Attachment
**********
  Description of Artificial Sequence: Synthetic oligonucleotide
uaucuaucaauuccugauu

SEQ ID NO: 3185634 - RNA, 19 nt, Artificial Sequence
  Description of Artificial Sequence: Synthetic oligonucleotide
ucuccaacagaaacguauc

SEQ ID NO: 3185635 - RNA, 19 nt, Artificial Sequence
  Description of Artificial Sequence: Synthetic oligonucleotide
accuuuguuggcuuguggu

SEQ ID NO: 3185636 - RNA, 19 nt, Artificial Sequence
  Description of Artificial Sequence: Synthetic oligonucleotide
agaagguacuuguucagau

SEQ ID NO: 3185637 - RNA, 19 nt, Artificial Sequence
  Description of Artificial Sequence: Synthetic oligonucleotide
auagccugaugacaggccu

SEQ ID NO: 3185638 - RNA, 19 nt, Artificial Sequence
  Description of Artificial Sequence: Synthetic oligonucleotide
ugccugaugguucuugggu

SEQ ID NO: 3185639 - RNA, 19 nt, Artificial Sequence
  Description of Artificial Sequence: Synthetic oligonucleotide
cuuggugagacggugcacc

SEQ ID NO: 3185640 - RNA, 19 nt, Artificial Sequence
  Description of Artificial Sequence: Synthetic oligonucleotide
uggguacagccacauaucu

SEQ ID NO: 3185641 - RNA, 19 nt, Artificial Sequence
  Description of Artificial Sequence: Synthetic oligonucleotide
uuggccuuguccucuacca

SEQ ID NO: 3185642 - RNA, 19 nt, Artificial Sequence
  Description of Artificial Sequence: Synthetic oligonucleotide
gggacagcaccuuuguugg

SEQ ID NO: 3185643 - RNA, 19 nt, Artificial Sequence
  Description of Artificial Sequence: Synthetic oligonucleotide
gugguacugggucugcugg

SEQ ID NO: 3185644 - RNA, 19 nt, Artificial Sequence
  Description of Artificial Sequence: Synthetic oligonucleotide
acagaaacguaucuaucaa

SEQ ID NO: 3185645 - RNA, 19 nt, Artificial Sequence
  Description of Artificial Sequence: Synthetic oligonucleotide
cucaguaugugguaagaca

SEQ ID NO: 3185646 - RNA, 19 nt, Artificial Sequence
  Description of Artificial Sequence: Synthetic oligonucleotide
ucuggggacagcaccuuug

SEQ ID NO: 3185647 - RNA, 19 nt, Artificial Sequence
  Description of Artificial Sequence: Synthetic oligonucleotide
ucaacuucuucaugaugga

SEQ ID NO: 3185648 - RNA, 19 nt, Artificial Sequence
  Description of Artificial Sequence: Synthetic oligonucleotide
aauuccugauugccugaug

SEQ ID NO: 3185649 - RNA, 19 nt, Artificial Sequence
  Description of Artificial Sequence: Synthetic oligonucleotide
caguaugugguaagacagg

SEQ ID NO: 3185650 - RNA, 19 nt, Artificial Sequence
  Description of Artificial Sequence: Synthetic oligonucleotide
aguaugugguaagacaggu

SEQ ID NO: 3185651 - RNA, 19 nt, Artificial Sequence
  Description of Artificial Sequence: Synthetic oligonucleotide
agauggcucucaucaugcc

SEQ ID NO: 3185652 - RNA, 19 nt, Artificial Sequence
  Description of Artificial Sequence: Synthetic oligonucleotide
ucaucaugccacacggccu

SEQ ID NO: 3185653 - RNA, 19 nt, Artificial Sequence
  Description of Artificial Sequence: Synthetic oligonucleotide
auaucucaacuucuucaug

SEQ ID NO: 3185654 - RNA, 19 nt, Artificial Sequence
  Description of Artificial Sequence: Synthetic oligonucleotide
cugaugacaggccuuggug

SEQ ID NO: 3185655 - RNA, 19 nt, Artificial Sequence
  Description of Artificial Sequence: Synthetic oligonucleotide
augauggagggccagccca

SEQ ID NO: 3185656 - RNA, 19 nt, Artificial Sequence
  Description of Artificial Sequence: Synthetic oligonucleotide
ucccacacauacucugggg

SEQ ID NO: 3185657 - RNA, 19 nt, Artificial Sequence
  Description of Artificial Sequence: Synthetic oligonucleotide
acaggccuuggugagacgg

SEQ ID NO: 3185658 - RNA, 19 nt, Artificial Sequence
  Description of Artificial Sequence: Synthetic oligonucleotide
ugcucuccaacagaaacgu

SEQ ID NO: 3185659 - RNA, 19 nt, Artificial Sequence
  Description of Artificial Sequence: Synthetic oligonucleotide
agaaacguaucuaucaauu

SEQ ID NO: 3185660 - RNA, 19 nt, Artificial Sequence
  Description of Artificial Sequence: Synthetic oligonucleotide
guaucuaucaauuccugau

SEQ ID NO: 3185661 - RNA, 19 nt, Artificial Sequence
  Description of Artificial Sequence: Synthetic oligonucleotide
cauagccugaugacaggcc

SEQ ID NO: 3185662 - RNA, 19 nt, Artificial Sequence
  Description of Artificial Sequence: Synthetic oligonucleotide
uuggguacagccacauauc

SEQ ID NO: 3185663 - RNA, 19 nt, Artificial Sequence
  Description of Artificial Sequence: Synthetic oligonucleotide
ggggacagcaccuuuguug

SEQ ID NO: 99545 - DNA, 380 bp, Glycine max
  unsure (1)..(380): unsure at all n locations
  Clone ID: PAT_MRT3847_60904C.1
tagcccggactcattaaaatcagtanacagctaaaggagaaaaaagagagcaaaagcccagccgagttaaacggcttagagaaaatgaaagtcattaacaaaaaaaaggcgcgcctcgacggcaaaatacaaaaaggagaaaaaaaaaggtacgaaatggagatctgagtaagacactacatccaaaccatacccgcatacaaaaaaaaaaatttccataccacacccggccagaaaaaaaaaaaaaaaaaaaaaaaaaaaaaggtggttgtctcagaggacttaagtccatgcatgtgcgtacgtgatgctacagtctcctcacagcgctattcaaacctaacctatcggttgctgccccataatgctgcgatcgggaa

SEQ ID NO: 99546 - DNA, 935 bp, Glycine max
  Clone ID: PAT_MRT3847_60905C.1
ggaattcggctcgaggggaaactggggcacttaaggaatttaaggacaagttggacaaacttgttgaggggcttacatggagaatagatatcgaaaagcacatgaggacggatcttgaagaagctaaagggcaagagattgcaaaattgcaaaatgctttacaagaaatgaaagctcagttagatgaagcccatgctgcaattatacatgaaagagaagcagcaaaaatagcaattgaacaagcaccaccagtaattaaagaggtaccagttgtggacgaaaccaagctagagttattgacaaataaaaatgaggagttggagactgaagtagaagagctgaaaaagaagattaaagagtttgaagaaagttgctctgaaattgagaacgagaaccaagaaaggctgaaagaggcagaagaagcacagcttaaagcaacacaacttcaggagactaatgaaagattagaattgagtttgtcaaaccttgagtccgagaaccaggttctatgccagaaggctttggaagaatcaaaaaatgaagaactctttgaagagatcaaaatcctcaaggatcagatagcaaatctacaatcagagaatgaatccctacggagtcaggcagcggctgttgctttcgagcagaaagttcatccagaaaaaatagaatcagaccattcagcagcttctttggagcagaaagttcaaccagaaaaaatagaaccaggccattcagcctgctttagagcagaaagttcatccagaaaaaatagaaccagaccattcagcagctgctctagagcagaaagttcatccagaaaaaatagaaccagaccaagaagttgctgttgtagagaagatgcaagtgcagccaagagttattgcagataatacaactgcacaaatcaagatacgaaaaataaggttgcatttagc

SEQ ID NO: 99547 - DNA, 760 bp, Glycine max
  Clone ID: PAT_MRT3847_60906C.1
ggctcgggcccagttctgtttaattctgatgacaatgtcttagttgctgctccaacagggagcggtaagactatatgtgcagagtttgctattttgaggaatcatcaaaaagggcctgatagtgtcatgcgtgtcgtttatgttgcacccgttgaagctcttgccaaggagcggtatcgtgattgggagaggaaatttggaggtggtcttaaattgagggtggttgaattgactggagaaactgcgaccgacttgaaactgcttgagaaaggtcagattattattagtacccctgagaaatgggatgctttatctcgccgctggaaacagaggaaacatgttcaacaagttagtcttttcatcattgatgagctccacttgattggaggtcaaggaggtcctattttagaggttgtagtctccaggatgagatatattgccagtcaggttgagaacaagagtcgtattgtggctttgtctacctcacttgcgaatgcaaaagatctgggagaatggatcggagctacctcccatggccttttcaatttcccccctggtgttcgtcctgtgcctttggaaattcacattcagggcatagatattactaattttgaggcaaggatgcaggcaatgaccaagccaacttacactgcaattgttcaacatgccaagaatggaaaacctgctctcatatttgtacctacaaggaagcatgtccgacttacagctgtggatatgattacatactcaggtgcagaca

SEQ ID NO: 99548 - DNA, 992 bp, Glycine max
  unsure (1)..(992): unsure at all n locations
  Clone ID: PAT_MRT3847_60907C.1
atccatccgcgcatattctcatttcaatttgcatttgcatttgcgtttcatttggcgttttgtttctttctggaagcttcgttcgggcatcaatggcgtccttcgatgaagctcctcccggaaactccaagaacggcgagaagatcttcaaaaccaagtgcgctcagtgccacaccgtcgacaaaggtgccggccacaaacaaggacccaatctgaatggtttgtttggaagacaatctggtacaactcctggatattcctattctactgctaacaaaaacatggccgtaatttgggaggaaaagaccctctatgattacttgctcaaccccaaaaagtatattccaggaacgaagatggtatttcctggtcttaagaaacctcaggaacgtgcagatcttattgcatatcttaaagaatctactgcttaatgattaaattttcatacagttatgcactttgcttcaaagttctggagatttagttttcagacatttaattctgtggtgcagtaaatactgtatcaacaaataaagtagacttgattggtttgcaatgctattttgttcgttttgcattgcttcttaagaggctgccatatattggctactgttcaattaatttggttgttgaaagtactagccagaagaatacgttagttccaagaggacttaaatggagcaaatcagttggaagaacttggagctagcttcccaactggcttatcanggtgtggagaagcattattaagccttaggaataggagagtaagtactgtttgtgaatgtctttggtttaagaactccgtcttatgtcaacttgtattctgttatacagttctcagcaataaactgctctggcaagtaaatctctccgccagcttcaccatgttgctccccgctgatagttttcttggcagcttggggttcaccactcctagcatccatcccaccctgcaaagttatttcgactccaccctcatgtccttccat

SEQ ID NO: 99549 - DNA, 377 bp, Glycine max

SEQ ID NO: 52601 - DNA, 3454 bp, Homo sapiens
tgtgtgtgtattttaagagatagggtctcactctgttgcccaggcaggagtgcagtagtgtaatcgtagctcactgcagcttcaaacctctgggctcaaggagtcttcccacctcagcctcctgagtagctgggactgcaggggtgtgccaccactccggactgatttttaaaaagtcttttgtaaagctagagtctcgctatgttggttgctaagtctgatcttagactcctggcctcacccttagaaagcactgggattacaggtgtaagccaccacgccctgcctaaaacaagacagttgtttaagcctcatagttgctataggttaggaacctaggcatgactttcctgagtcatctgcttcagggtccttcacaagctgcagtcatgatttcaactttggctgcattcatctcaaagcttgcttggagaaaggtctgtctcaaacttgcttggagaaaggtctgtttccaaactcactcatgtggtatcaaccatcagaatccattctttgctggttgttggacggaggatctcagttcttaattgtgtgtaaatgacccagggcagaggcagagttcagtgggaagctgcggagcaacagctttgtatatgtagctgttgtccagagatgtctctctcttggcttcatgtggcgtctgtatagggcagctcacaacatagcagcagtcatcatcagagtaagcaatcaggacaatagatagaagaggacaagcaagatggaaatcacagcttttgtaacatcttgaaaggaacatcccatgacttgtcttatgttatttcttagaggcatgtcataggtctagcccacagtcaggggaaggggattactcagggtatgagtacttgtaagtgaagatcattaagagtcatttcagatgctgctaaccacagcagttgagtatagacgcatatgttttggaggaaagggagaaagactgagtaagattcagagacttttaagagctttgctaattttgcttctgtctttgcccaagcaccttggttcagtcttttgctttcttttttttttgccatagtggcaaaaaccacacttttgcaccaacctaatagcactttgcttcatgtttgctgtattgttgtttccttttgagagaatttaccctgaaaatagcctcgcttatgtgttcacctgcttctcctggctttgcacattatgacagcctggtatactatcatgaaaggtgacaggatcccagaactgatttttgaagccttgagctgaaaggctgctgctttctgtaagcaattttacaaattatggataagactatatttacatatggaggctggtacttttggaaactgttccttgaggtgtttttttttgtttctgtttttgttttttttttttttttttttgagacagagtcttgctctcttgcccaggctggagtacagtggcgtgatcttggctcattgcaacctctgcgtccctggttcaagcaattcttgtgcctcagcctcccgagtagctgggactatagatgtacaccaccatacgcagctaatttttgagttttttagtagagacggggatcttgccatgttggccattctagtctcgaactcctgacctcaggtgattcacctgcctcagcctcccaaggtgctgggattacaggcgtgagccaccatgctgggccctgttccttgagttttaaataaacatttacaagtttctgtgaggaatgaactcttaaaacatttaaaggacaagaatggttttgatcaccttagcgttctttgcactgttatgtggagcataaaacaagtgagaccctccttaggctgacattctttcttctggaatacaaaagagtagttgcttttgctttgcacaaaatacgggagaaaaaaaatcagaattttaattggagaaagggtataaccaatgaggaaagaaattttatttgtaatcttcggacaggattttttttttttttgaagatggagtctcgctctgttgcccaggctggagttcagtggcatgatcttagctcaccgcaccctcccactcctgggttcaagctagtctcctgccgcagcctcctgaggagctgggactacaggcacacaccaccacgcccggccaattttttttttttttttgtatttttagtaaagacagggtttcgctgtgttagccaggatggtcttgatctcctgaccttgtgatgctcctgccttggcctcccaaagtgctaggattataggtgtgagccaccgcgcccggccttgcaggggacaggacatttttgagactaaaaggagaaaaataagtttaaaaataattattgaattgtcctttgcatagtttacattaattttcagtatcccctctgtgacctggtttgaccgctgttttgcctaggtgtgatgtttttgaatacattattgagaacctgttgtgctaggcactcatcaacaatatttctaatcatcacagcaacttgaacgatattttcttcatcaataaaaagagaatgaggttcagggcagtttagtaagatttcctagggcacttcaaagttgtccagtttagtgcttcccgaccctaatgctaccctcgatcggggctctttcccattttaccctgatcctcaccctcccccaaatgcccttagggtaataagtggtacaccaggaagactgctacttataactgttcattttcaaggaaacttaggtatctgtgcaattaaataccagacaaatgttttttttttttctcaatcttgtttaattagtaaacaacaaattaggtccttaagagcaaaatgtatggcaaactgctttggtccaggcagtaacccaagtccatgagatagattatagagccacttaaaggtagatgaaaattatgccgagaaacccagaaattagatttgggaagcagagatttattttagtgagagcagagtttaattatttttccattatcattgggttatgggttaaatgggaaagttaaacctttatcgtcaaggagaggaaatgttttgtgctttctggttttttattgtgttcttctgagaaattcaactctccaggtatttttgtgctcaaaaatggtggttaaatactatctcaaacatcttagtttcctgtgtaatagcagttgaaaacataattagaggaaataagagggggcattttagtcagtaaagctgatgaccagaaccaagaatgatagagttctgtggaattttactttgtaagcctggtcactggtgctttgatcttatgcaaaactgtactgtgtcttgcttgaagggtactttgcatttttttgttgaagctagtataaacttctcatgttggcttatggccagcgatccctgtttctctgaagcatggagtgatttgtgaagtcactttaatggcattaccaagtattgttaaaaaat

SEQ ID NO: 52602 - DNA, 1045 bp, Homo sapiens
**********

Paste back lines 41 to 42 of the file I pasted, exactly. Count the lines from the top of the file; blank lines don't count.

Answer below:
ucuggggacagcaccuuug

SEQ ID NO: 3185647 - RNA, 19 nt, Artificial Sequence